L is for Learner
When I was 16 I decided I wanted a yellow VW beetle. I started saving and begging my Dad, but neither worked. Any savings I accumulated ended up being spent on holidays instead and my Dad thought I should pass my test first. I’m still not sure of his logic, but it got him out of buying me a car!
I took some lessons in my late teens and loved it. Myself and my driving instructor would set off, him smoking rollies. It was easy, pedals, gears, mirrors, road markings, easy peasy. Uphill starts, reversing around a corner, three point turns, not a bother! I booked in my test and a load of pre-test lessons.
A week before my test I got a call to say my instructor had been taken ill. My last three lessons were taken with three different, very different, instructors. The first was a young, good looking, charming, funny guy, who I spent more time looking at than at the road. The second was a tiny little feminist who lectured me on going for my truck driving licence after I got my test. The third was a guy who worked in the office, either the manager or the cleaner, and hadn’t given a lesson in years.
I did not pass my test, and I had to walk home.
Over the following years I started college and then work, all within a 3 mile radius from home, with good public transport and nice routes to walk. I continued to spend my money on flights and accommodation rather than insurance and car tax.
Then the Celtic Tiger started pushing my friends further out, to the suburbs, commuter towns and Athlone. We were growing up and needed cars to see each other, and to buy jumbo boxes of washing powder when it was on offer.
So last summer I retook the plunge. I got back on to my smoking driving instructor, who had recovered but continued to smoke, just not in the car this time. I bought a car, not a yellow Beetle but a grey Golf, I loved it! I booked ten lessons, I hated it.
When you are 17 you have no fear of driving. When you are 31 you have millions.
I was scared of everything, including: driving into parked cars, driving into oncoming cars, driving into cyclists, cyclists falling in front of my car, kamikaze pedestrians, children running onto the road, roundabouts, turning right, turning left, reversing, stalling, ambulances, taxi drivers, buses, accidentally falling asleep, the steering wheel falling off, and some other things I can't think of right now.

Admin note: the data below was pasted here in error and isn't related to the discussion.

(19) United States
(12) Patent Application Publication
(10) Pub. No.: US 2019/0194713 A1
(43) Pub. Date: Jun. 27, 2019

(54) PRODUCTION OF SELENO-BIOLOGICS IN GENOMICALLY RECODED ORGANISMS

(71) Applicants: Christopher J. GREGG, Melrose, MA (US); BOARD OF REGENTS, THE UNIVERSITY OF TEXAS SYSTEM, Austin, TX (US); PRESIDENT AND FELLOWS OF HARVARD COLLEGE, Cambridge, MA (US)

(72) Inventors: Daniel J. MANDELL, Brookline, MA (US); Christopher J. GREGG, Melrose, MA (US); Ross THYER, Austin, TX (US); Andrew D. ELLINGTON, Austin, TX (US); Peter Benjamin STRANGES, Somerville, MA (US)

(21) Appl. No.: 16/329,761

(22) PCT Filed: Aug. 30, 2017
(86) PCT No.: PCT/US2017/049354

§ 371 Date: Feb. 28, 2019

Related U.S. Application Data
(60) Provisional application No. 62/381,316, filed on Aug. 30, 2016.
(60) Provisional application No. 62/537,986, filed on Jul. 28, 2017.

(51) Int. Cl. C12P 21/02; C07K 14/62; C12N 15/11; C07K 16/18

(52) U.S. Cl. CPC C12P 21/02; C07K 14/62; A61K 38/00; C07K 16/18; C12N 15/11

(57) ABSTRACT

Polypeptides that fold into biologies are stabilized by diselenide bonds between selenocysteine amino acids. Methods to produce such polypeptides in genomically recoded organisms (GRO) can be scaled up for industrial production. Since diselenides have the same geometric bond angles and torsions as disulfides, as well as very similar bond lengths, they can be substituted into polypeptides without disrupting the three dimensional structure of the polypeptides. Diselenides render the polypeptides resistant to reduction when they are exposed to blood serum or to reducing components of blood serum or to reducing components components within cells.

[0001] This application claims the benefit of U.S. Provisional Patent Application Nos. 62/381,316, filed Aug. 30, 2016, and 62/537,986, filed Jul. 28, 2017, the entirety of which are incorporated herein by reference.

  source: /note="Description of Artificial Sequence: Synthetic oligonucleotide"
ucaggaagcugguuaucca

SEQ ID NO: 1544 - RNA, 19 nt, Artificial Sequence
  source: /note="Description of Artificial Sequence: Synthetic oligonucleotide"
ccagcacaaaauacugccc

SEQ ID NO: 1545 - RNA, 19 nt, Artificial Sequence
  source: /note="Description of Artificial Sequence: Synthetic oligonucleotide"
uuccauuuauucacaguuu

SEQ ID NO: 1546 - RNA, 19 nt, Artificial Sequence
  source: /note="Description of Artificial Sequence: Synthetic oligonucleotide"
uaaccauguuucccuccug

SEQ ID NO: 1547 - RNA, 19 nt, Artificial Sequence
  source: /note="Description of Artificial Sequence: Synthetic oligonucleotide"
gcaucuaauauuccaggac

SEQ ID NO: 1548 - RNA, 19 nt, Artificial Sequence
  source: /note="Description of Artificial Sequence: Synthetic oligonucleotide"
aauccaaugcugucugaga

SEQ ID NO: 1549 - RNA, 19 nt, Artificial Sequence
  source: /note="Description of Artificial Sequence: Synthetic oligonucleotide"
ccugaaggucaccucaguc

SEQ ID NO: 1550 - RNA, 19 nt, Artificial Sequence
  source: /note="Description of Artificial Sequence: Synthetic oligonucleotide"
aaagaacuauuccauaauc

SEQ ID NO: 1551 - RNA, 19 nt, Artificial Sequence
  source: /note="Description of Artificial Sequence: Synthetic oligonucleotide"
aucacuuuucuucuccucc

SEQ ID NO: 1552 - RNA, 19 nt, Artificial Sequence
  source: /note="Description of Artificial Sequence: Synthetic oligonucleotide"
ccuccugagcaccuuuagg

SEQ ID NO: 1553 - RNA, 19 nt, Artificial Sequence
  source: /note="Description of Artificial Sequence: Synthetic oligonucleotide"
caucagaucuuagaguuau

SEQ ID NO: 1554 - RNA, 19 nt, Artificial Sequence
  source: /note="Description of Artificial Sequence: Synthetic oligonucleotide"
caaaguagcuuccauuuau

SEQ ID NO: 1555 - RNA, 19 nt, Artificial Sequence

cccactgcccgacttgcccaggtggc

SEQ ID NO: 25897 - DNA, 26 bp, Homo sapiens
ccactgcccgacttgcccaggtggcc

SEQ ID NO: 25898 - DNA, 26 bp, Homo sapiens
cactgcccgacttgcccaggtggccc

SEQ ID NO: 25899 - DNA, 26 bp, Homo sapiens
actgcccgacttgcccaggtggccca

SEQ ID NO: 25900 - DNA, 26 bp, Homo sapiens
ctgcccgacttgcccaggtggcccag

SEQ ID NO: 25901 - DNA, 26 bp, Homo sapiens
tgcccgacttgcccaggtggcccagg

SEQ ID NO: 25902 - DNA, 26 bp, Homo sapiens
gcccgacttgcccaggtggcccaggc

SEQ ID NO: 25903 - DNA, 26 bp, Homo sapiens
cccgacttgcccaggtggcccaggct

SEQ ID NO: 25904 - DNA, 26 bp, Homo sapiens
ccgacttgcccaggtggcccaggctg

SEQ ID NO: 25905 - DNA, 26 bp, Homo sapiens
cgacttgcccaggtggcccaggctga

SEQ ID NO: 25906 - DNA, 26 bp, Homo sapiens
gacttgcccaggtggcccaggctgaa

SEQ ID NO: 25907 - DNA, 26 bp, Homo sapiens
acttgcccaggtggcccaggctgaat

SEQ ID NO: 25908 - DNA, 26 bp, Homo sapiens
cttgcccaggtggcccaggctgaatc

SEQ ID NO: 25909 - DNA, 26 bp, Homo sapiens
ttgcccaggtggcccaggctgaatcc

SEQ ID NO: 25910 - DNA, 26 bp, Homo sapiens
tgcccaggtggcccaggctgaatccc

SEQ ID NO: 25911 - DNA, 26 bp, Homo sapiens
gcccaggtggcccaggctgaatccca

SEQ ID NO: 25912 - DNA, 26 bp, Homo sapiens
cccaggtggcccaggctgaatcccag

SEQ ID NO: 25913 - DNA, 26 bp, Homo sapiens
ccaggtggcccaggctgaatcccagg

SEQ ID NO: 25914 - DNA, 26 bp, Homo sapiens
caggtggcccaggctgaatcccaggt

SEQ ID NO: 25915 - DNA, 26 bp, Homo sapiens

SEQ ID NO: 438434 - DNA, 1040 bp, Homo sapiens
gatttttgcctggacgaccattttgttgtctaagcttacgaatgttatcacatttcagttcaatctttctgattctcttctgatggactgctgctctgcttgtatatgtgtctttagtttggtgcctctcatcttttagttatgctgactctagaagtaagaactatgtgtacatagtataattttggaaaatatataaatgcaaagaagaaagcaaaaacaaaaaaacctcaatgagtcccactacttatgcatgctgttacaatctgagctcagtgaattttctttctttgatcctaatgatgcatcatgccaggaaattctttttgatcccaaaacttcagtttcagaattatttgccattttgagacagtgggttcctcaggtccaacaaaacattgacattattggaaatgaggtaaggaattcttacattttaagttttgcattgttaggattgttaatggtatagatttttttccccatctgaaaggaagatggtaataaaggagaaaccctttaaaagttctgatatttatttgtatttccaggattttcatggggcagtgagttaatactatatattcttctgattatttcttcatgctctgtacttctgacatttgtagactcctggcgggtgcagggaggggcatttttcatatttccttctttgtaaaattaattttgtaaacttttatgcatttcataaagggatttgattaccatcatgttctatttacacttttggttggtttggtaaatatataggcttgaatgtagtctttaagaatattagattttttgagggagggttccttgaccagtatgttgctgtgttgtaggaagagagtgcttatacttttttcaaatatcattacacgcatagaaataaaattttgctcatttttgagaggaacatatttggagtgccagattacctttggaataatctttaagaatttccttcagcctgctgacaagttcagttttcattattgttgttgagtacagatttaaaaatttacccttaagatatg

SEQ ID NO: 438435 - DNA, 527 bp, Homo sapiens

My driving instructor told me I was doing fine and just needed to practice, practice, practice. So needing someone with a full licence I enlisted my Dad, which was a big mistake, huge! He was great, but it ended in tears and set me back. I also went out with my friend's ever helpful and extremely patient husband, who understood completely how it is to learn to drive in your 30s, but with my busy schedule and him living 30 minutes away it was difficult to schedule anything regularly enough for my needs.
Then last week I had a breakthrough. Bank holiday Monday, a friend home from London staying with me needed a lift. So we drove, and drove, and drove. Driving with purpose, running errands, on a sunny bank holiday morning. It clicked. On Wednesday I borrowed my friend's husband again, to practice the route to their house. On Friday I picked up a friend and drove us into the cinema in town!
It's still a work in progress but I'm enjoying it now. Enough fear has left me to get on with it, enough remains to keep me safe. My car is no longer a decoration, keeping my driveway dry.
Being a 31 year old learner driver has its drawbacks. I think people assume the L-plates are for show, or maybe they were just born knowing how to drive and that's why they beep me when I stall at traffic lights - a rare thing.
However, being a 31 year old learner driver also has its advantages. At 31 I care less what people think, so mostly ignore the beeping. Though I am secretly hoping I'll get an opportunity to go Dara Ó Briain on someone's ass!